FANDOM


File:Festival du jeu video 20080926 033.jpg
100px
Part of a series on:
Action video games

Rhythm game, or rhythm action, is a genre of music-themed action video games. Games in the genre primarily focus either on dancing or simulating the playing of musical instruments. Players must press buttons at a precise time corresponding to a sequence dictated by the game. Doing so will cause the game's protagonist or avatar to dance or play their instrument correctly, thus achieving a greater score. Many rhythm games include multiplayer modes in which players compete for the highest score or cooperate to simulate a band playing together. While conventional control pads may be used as input devices, rhythm games often feature novel devices which emulate musical instruments. Dancing games sometimes require the player to physically dance on a mat, with pressure-sensitive pads acting as the input device.

The 1996 title PaRappa the Rapper has been deemed the first influential rhythm game, whose basic template forms the core of subsequent games in the genre. In 1997, Konami's Beatmania sparked an emergent market for rhythm games in Japan. The company's music division, Bemani, released a number of music games over the next several years. The most successful of these was dance mat game Dance Dance Revolution, which was also the only one to achieve large-scale success outside of Japan. Imitators of the game began to flood the genre, until it was revitalized by Harmonix's Guitar Hero. The game was inspired by similar, earlier Japanese games, but Harmonix added rock music aimed at a Western audience. The success of the game revived the genre and spawned two hugely successful franchises in Guitar Hero and the later Rock Band. The success of both expanded the console video game market and its demographics, as well as providing a new source of revenue for artists whose music appeared on the soundtracks. By 2008, rhythm games were considered to be one of the most popular video game genres, behind other action games. However, saturation of the market in 2009 by numerous spin-offs from the core titles led to a nearly 50% drop in revenue for music game published, causing them to scale-back plans for further expansion in 2010.

Definition and game design

File:Fretsonfire4.png

Rhythm game, or rhythm action,[1][2] is a subgenre of action game that challenges a player's sense of rhythm,[3] and includes dance games such as Dance Dance Revolution[3] and other music-based games such as Donkey Konga and Guitar Hero.[3] These games challenge the player to press the right button at the right time: the screen shows which button the player should press next, and the game awards points for accuracy and being on the beat.[3] The genre also includes games that measure both rhythm and pitch, in order to test a player's singing ability.[4][5] In addition to rhythm, the occasional game may challenge the player to control their volume by measuring how hard they press each button.[6] While songs can be sight read without having performed them before,[7] players usually practice to master more difficult songs and settings.[8] Other rhythm games offer a challenge similar to that of Simon says, where the player must watch, remember, and repeat complex sequences of button-presses.[9]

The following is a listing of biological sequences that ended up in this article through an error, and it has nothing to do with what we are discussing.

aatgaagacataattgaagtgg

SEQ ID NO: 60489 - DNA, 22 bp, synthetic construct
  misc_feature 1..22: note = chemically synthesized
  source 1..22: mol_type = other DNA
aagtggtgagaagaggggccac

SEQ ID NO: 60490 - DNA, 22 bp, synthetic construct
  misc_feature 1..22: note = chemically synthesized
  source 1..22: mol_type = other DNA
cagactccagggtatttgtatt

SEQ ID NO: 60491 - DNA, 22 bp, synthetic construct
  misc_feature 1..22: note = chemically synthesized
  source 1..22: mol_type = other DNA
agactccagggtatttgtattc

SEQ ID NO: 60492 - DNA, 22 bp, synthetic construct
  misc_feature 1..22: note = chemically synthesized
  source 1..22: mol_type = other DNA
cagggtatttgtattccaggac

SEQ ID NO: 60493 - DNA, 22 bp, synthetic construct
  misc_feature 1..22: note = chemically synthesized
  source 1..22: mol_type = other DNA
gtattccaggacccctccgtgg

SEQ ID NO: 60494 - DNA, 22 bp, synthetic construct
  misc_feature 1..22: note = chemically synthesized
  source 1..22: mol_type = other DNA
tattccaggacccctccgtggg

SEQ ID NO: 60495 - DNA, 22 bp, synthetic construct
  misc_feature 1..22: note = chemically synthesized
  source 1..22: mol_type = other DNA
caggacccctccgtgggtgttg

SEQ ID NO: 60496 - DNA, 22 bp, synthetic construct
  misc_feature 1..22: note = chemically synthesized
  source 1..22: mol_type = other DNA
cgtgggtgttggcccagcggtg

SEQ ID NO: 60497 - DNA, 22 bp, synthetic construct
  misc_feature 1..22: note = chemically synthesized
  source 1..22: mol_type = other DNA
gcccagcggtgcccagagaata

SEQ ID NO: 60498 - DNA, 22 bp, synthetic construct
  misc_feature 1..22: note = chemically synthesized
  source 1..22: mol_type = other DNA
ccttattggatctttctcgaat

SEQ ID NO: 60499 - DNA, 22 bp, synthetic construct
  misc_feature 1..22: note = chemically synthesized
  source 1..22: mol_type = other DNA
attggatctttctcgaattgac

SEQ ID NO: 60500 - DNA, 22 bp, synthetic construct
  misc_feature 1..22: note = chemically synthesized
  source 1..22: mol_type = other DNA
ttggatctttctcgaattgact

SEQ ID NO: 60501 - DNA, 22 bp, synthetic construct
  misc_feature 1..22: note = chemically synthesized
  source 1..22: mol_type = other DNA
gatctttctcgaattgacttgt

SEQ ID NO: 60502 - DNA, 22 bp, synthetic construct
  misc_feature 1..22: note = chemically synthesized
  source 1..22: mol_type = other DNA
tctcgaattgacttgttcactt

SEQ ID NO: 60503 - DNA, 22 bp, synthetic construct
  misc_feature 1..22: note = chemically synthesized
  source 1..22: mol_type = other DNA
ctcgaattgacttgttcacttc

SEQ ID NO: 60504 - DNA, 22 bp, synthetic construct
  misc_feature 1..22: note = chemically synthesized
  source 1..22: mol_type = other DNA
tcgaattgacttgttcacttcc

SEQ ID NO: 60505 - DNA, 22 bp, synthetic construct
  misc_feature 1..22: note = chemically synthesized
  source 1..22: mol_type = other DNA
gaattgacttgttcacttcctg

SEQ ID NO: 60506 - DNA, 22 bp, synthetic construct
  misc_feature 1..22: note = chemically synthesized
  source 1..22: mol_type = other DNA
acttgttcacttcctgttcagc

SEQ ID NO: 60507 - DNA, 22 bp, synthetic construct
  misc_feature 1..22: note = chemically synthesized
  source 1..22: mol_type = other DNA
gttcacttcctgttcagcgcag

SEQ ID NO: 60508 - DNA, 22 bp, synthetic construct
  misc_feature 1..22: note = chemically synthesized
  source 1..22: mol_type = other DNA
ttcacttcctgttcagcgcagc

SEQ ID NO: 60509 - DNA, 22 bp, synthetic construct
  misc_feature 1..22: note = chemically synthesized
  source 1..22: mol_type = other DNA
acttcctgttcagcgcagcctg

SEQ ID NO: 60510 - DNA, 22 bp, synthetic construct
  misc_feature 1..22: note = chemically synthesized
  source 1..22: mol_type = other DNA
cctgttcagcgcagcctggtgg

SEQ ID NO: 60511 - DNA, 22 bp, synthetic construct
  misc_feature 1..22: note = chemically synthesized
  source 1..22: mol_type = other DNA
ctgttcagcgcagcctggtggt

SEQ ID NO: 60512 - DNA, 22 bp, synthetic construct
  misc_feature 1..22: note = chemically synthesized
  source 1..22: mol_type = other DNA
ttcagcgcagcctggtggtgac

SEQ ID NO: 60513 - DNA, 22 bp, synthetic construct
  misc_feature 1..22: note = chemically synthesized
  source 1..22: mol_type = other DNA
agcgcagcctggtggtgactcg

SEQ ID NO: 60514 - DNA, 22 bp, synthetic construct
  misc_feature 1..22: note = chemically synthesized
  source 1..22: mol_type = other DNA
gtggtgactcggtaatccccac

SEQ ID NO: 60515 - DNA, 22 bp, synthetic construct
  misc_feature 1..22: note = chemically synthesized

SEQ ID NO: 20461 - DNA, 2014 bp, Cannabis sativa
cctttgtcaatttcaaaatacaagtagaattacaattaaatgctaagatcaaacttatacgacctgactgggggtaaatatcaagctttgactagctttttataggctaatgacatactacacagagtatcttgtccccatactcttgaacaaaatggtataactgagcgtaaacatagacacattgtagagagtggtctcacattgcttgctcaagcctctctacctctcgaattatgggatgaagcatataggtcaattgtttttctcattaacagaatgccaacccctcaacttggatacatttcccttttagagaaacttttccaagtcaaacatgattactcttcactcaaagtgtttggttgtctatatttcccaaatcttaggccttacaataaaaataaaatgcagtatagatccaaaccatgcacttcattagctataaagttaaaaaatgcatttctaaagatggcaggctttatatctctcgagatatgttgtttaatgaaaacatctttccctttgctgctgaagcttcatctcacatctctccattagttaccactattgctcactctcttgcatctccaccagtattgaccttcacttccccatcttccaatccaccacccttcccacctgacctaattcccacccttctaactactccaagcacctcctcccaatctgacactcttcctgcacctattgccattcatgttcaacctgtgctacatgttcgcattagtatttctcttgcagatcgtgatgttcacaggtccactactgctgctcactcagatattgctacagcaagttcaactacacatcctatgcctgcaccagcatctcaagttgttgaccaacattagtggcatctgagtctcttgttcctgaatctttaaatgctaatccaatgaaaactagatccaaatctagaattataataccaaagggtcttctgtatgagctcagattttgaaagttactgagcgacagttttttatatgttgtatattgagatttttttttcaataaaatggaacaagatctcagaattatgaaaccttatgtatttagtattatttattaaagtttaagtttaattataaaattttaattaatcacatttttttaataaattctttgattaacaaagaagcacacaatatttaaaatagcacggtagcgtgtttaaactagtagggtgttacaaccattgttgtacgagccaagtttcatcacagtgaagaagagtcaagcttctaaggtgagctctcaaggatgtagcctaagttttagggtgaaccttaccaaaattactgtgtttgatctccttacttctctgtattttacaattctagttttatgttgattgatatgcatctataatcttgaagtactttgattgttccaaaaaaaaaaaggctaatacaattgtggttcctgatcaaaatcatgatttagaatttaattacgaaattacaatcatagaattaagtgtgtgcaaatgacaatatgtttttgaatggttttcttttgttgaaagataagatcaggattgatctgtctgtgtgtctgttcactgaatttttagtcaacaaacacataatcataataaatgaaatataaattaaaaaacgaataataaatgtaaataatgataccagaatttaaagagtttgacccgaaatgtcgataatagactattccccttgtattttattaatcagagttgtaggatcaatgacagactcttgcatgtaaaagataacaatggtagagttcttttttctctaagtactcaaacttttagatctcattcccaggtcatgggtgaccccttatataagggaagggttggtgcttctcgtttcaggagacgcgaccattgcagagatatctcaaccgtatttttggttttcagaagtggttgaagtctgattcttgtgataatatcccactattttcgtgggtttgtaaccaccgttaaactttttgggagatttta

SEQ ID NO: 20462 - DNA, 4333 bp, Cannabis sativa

In some rhythm games, the screen will display an avatar who performs in response to the player's button-presses.[3] However, these graphical responses are usually in the background,[6] and the avatar is less important to the player than it is to spectators.[4] In single-player mode, the player's avatar will compete against a computer-controlled opponent, while multiplayer mode will allow two player-controlled avatars to compete head-to-head.[3] The popularity of rhythm games has created a market for speciality input devices.[3] These include a variety of controllers which emulate musical instruments, such as guitars, drums, or maracas.[10] A dance mat, for use in dancing games, requires the player to step on pressure-sensitive pads.[11] More conventional inputs, specifically control pads, may be used however.[12]